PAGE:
LACK OF SUPPLY IN DUBLIN PUSHING HOUSE PRICES HIGHER - There was more evidence of the two tier housing market this morning from the latest Myhome.ie price barometer. Over the period from July to September it shows a rise of almost 1% in asking prices in Dublin. Nationally, though, prices still falling. The decline in the quarter was 1.4%. Over the past 12 months asking prices down 7.8% which is the lowest annual rate of decline in six years.
Caroline Kelleher of DKM consultants, which prepared the report, said a lack of supply in Dublin is one of the reasons behind the rise. The current stock levels in Dublin are only half of what is needed for a normal functioning market, she states. Another factor is the delay by the banks in dealing with mortgage arrears and repossessions.
Ms Kelleher says the banks are coming under more pressure to deal with arrears and if a faction of the houses that are in danger of being repossessed come on the market, the would have a downward effect on prices. However, she says that Dublin prices will not be affected too greatly, as the city will remain the main source of housing demand. The high level of cash purchases in the housing market is also not sustainable, Ms Kelleher states.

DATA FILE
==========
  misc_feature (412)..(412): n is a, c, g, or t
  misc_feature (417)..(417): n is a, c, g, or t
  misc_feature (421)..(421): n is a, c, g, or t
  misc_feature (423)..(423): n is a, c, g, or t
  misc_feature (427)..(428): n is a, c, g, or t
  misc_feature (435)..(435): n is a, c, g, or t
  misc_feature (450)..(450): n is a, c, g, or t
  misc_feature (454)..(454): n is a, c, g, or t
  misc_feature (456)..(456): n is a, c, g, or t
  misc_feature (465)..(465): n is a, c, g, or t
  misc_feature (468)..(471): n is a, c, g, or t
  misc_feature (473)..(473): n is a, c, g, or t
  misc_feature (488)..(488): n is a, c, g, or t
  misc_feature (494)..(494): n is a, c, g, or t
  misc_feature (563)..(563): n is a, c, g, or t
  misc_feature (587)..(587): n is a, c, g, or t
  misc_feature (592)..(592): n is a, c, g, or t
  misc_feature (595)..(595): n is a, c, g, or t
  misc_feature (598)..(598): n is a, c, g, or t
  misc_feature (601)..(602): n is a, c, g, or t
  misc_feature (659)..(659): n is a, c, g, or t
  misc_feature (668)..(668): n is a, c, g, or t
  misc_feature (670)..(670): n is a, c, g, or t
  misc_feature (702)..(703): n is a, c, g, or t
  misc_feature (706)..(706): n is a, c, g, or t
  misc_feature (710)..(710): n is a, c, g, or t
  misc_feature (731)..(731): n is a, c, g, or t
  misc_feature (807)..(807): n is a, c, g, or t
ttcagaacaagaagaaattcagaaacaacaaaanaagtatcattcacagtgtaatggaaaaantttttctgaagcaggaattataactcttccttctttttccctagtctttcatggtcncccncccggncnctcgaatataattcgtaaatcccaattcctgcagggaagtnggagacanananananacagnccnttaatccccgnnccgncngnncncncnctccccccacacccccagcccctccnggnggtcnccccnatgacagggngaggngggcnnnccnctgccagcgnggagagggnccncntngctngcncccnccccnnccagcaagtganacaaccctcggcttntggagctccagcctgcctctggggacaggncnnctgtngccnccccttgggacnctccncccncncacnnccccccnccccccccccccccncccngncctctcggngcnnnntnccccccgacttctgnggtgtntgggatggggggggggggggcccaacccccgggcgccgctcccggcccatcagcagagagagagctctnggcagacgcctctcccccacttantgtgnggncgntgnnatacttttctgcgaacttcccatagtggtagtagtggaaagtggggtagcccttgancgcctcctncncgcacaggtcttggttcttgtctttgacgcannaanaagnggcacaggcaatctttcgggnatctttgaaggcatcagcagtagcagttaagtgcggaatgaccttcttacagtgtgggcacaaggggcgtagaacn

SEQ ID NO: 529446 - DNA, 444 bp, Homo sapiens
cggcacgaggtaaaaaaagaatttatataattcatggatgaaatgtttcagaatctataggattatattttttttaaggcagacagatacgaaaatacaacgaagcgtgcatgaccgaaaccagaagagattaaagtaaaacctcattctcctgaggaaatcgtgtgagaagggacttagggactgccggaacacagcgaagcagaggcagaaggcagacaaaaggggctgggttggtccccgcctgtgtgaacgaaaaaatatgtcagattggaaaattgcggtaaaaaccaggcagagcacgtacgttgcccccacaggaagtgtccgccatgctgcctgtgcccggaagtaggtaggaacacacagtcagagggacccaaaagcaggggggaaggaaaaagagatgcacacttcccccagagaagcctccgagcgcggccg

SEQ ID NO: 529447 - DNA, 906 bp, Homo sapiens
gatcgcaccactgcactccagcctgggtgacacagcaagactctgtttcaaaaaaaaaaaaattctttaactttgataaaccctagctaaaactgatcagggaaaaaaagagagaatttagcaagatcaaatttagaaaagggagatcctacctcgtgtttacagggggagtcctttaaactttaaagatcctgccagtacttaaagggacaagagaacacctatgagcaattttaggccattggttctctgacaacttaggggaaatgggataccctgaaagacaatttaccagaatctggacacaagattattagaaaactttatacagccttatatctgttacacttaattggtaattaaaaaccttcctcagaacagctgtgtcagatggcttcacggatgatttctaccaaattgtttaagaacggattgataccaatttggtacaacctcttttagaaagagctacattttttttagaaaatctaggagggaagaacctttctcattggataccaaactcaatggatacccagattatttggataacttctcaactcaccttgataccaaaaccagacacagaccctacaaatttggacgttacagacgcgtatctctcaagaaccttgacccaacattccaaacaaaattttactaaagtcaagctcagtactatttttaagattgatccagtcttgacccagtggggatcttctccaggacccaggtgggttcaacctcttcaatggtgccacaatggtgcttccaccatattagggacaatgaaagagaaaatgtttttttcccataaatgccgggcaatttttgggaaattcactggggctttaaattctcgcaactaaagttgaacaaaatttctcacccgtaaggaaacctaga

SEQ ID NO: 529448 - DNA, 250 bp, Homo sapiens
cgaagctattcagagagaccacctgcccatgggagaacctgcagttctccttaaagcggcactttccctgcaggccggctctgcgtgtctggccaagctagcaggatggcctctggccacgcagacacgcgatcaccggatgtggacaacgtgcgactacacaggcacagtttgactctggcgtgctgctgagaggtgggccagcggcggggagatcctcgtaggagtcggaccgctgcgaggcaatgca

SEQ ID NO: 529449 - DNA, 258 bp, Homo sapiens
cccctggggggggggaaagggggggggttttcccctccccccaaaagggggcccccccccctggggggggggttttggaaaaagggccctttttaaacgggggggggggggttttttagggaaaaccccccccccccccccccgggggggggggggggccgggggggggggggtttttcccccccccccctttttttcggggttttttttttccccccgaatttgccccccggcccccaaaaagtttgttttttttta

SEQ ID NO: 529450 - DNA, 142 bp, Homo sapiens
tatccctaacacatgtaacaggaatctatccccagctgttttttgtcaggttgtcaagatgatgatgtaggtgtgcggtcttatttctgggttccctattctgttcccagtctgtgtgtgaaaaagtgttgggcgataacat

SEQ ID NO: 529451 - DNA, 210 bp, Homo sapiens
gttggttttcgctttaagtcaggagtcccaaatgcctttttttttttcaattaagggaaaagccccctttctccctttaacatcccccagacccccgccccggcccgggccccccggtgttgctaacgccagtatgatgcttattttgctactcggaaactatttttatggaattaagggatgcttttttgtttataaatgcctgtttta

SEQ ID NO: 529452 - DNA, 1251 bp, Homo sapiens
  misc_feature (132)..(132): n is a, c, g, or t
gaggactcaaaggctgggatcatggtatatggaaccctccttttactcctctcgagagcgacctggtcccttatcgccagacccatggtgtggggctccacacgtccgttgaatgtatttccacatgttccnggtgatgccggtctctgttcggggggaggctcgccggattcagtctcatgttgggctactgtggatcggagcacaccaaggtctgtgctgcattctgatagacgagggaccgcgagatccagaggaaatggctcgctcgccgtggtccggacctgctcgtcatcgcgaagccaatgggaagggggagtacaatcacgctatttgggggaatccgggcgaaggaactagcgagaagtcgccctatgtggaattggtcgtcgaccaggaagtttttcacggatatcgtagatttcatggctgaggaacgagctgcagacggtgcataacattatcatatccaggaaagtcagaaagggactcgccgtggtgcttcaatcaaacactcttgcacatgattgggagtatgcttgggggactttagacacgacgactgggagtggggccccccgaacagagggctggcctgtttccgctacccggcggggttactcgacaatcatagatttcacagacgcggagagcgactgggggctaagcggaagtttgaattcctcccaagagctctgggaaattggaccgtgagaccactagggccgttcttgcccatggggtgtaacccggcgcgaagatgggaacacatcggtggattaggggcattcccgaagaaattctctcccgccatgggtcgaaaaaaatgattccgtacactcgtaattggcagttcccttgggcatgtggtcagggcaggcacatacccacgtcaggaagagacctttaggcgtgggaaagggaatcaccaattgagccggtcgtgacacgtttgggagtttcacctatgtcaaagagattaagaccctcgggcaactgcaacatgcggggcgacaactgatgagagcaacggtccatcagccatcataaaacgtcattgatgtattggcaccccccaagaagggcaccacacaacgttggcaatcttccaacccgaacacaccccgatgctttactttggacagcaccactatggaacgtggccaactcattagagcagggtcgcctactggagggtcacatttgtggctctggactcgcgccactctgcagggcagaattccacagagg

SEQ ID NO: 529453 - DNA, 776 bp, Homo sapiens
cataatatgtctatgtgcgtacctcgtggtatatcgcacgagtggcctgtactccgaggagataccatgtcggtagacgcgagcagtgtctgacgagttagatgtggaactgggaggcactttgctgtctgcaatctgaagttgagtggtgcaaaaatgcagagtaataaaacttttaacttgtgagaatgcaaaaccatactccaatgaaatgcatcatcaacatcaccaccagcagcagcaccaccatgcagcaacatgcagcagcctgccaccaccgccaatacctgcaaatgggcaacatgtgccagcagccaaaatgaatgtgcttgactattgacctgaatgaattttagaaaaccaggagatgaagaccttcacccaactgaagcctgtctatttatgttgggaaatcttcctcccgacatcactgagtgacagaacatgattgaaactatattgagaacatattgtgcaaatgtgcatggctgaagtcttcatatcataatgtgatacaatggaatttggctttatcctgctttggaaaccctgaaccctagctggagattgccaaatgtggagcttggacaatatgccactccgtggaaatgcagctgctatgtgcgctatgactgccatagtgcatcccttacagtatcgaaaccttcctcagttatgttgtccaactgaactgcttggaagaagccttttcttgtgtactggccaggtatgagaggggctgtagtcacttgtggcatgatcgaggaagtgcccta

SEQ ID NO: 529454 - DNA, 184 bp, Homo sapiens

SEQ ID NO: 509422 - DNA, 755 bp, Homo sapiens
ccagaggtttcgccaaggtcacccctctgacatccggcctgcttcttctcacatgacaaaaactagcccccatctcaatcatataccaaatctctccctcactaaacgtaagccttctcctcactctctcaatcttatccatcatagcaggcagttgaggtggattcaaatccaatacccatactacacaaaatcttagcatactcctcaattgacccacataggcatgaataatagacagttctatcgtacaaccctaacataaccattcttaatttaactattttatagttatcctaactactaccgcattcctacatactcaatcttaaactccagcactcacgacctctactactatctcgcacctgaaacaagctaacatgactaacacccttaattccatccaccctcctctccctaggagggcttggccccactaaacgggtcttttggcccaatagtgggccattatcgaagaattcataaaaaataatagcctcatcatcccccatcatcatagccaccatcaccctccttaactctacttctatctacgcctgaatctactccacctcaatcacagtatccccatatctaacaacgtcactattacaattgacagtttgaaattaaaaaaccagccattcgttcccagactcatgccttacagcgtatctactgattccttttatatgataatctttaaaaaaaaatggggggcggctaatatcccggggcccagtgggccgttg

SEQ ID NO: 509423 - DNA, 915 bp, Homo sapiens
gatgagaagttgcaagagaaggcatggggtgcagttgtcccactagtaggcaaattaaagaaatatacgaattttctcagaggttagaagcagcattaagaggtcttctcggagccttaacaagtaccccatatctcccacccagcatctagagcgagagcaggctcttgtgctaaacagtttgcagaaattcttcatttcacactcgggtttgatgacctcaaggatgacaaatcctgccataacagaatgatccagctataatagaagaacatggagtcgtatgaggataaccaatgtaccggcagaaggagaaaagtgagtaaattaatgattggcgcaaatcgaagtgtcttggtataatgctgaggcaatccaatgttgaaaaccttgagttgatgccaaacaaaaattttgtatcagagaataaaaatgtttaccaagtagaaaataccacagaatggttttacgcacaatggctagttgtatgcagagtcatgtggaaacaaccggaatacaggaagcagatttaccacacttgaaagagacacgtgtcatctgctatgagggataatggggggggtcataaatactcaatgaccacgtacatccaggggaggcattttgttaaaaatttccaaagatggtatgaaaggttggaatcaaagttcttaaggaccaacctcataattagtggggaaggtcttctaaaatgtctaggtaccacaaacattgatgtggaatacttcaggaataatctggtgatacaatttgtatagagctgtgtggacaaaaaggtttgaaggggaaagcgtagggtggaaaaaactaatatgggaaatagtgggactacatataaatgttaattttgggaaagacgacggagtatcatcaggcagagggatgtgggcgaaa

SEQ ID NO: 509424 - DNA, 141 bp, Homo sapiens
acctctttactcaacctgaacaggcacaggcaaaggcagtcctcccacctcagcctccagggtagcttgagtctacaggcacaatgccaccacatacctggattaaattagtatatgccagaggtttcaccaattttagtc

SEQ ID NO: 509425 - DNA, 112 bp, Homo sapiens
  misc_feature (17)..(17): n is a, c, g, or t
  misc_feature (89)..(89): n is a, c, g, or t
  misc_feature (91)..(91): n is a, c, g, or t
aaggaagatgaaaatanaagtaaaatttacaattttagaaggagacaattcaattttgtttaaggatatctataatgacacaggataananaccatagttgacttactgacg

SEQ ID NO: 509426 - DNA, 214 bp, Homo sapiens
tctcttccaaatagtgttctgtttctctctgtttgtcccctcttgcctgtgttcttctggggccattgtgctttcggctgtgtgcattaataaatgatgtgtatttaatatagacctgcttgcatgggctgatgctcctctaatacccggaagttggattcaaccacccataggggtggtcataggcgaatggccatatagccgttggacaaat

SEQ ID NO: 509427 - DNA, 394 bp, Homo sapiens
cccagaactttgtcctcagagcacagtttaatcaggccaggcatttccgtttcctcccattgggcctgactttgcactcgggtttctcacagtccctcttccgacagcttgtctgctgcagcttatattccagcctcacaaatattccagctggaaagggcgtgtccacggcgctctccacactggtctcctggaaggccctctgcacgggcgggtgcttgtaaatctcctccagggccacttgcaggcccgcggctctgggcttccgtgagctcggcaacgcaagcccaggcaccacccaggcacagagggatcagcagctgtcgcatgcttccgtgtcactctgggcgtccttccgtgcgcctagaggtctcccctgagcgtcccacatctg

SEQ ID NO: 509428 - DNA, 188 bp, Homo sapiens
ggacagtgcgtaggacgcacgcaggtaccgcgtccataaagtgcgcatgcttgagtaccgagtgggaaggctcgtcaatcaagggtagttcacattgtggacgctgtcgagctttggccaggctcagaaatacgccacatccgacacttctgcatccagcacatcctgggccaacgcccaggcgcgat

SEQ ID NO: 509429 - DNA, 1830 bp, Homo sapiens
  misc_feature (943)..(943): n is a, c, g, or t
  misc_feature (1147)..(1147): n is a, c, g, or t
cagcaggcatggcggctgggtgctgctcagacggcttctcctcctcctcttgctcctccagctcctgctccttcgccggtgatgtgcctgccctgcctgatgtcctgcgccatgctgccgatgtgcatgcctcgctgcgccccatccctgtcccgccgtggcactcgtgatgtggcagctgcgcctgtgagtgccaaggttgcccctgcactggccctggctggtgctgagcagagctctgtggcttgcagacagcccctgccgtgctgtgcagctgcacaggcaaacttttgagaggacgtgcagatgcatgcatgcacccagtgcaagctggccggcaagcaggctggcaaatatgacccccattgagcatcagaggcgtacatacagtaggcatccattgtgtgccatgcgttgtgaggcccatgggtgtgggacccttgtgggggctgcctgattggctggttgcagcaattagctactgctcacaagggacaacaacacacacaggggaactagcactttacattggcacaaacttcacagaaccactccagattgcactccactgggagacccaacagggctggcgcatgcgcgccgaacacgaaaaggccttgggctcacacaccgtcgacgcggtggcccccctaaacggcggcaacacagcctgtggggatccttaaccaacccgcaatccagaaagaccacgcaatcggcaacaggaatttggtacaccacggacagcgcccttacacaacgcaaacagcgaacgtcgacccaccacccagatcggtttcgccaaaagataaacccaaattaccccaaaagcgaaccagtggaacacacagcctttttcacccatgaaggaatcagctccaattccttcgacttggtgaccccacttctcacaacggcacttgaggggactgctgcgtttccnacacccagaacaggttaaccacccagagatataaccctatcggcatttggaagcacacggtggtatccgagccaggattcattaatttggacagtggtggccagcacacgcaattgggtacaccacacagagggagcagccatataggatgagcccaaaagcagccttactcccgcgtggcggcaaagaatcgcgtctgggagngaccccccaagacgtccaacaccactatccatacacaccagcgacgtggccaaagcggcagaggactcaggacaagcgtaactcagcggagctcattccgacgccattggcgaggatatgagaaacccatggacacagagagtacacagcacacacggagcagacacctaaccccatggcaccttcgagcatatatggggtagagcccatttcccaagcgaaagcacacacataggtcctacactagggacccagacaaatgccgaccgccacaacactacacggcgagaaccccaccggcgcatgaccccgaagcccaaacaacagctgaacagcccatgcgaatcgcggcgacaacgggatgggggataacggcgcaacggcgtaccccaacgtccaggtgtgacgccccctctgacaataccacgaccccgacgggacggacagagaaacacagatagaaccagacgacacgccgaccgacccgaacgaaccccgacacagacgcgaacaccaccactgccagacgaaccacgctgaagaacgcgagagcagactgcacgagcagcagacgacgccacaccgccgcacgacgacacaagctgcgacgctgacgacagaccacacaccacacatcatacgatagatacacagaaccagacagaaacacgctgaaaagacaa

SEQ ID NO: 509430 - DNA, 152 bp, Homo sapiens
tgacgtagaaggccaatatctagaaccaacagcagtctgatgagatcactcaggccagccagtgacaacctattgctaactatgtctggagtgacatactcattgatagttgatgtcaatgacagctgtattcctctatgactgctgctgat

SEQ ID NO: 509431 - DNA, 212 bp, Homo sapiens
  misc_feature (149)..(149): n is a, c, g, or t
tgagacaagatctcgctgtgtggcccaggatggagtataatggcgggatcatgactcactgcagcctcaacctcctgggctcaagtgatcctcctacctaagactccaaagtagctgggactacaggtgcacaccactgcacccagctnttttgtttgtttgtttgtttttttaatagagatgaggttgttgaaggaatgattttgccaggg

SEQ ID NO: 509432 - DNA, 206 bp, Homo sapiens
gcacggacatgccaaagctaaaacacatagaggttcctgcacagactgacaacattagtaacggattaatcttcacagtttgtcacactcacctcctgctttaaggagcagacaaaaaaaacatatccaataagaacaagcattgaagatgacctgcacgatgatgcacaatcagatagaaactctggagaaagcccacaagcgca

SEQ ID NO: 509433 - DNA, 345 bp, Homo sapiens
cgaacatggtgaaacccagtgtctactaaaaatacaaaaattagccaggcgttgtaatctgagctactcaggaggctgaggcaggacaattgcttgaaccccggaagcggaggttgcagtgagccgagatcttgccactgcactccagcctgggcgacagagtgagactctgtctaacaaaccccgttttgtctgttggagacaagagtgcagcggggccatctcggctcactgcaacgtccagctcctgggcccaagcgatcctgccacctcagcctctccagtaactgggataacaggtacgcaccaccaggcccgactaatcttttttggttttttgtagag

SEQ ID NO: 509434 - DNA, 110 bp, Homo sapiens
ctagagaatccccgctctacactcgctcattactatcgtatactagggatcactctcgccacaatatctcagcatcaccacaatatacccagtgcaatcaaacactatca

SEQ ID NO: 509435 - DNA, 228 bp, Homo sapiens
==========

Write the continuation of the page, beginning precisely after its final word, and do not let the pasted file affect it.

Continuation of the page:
MORNING BRIEFS - Exploration company Providence says a dozen companies have expressed interest in taking a stake in its Barryroe oil field off the coast of Cork. It expects to complete what is known in the industry as a farm-out, where a larger oil company invests following a discovery by a smaller player, in the coming months. Half year results from Providence published this morning showed a profit of €1.3m but that was due to a €6m euro gain from the sale of assets in the UK.
*** Full year results from the food company Aryzta show it surpassed €3 billion in revenue for the first time over the 12 months to the end of July. Earnings before charging loan interest, tax and depreciation, came in just over €400m - an 8.5% increase. Aryzta was formed by the merger of Irish company IAWS - a stock market listed company formed by the co-op of the same name - and Swiss company Hiestand. Its bakery products include the well-known Cuisine de France brand. In those five years it has more than doubled its earnings and has almost doubled revenue.
*** Google paid tax of €17m last year according to accounts filed with the Companies Records Office here over the weekend. That is double the 2011 figure. Google made a pre-tax profit of €154m last year, up from €24m in 2011.
The accounts show the company generated revenue of €15 billion through its Irish operations. Much of that is due to advertising sales made across Europe. Google charged administrative expenses of almost €11 billion to its Irish operations, though, including royalty payments transferred to other Google subsidiaries.